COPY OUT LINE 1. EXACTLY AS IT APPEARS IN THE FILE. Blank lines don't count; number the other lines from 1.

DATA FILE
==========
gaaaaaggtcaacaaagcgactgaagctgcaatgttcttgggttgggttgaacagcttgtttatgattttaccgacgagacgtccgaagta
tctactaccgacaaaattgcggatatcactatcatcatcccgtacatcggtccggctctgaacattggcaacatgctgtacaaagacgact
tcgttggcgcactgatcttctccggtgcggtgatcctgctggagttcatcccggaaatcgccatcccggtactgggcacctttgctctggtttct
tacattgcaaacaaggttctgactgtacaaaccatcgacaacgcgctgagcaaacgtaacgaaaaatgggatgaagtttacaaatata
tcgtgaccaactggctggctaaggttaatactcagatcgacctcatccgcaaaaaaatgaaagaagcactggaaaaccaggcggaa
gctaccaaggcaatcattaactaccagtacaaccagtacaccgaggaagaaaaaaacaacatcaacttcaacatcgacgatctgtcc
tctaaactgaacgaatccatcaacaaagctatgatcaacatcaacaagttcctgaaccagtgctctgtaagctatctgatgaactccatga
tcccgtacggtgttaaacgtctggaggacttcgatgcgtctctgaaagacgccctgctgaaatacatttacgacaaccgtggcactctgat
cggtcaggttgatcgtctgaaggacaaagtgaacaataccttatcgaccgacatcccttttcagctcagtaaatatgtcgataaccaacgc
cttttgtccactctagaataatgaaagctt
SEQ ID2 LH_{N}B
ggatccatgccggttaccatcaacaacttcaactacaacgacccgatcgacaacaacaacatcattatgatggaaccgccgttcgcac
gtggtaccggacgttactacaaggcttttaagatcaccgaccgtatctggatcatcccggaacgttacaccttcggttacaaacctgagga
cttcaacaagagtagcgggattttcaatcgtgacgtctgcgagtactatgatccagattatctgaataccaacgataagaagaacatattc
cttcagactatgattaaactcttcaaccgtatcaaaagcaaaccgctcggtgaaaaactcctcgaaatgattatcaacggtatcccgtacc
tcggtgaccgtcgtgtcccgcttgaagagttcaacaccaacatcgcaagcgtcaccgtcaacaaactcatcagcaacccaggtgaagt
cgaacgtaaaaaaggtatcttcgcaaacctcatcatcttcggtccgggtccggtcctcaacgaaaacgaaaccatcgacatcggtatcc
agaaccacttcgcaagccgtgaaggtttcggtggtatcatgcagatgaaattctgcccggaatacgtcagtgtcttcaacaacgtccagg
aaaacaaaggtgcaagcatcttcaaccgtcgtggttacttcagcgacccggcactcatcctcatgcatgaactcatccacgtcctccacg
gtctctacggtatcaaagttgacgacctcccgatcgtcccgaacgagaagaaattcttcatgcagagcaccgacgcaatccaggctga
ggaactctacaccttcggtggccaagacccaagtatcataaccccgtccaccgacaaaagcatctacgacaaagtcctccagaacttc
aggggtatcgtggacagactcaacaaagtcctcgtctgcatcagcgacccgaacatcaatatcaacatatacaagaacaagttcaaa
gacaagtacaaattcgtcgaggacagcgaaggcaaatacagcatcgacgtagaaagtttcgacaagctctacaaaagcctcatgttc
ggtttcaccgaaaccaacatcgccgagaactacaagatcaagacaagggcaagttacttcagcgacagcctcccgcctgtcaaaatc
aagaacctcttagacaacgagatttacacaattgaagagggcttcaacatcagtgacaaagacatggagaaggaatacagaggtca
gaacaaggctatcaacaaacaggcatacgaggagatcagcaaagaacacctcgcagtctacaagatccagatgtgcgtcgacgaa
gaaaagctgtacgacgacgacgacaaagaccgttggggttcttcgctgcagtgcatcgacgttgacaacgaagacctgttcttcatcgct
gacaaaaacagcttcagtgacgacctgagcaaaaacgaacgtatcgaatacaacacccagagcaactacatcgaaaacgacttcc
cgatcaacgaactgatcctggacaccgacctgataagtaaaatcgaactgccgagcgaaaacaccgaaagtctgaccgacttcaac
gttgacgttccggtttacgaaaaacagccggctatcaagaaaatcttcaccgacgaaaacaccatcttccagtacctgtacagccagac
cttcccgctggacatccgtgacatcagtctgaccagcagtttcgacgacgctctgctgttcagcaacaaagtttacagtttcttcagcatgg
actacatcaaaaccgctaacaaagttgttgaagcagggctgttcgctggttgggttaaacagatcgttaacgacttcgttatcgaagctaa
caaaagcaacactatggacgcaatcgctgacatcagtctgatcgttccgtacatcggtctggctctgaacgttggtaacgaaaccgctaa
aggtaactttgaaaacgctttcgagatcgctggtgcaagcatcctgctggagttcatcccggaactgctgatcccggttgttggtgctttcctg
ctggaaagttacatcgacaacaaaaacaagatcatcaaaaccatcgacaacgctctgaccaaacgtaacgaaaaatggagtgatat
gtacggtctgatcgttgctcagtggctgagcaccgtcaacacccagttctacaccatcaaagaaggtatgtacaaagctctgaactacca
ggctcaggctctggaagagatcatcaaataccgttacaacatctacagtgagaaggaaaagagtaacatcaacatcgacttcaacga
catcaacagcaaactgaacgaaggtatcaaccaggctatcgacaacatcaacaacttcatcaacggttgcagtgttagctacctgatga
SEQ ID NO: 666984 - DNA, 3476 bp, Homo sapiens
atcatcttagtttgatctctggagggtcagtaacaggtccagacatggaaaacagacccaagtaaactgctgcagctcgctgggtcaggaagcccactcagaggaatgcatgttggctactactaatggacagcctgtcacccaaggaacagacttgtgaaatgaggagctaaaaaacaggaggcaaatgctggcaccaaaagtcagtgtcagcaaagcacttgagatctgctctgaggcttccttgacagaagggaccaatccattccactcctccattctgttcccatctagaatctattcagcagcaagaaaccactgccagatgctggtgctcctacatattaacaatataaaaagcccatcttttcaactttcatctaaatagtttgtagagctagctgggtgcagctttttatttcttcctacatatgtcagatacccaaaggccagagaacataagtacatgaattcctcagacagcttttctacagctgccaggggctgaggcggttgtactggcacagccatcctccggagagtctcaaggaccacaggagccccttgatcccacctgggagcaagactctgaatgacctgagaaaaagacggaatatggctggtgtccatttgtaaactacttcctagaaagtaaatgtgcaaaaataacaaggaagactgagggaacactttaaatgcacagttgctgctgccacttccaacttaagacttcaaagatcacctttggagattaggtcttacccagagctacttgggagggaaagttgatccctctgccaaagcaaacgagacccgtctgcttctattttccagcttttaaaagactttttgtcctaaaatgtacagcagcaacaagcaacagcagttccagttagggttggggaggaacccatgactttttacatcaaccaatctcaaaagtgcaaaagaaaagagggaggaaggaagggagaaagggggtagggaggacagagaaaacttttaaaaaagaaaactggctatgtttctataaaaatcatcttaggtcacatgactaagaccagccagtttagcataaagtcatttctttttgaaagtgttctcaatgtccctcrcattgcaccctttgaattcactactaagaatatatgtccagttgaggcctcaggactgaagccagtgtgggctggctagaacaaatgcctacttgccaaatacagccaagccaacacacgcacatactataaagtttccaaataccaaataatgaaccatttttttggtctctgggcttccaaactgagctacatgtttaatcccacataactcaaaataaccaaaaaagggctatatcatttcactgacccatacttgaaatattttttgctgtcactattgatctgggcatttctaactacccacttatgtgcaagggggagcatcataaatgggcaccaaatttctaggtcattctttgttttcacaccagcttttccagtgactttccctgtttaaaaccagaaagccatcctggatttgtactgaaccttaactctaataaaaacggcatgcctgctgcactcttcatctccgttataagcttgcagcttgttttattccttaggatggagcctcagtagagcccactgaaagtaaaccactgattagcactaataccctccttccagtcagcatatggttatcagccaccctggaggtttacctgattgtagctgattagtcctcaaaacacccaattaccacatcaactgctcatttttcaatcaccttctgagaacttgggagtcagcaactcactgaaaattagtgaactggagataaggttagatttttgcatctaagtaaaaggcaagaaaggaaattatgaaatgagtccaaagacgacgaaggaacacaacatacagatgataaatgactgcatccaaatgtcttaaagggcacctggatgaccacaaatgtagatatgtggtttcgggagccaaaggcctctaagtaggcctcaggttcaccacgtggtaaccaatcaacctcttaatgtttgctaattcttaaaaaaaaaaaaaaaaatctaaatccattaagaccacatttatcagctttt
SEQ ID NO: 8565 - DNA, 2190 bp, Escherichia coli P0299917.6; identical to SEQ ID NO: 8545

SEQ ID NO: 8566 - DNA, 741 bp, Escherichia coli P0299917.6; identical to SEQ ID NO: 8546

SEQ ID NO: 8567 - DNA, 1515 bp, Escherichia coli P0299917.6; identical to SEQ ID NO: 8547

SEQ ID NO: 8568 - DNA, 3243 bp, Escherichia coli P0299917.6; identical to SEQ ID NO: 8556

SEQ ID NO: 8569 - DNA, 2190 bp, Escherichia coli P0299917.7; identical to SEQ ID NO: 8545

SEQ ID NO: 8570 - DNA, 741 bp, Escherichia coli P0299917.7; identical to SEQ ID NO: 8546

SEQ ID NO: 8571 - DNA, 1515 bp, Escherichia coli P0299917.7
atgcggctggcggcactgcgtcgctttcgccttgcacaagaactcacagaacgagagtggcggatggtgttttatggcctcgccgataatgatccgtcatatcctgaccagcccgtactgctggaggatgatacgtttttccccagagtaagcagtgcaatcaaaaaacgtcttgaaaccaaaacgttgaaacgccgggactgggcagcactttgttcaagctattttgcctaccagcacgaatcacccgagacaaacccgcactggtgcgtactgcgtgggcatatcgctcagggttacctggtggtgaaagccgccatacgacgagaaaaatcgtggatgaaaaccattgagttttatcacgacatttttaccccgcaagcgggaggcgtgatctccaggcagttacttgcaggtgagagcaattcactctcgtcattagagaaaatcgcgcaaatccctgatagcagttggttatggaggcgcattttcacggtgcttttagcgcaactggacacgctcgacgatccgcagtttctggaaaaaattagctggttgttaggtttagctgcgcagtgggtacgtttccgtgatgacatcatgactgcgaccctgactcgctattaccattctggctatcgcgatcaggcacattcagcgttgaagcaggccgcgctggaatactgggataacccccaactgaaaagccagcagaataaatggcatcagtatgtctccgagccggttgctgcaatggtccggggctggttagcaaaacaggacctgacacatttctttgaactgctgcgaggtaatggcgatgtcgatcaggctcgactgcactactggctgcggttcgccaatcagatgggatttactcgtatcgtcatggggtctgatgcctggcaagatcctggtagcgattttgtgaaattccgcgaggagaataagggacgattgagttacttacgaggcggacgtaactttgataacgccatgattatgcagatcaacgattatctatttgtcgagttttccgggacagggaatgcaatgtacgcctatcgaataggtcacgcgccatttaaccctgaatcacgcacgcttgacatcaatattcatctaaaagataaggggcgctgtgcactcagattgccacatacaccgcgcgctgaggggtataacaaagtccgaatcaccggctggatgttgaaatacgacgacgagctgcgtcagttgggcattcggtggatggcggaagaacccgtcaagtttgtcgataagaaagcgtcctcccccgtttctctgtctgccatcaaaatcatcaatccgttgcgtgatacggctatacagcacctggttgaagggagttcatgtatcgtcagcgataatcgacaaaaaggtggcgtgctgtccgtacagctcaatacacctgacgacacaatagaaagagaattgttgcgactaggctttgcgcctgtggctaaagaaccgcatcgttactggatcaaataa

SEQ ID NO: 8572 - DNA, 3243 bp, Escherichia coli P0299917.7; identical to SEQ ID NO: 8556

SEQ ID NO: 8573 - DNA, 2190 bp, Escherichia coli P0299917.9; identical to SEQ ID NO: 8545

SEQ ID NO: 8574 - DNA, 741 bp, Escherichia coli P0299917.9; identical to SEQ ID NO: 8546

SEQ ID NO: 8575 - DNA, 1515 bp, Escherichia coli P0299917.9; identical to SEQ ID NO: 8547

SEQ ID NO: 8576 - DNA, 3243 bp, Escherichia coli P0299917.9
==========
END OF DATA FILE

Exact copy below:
gaaaaaggtcaacaaagcgactgaagctgcaatgttcttgggttgggttgaacagcttgtttatgattttaccgacgagacgtccgaagta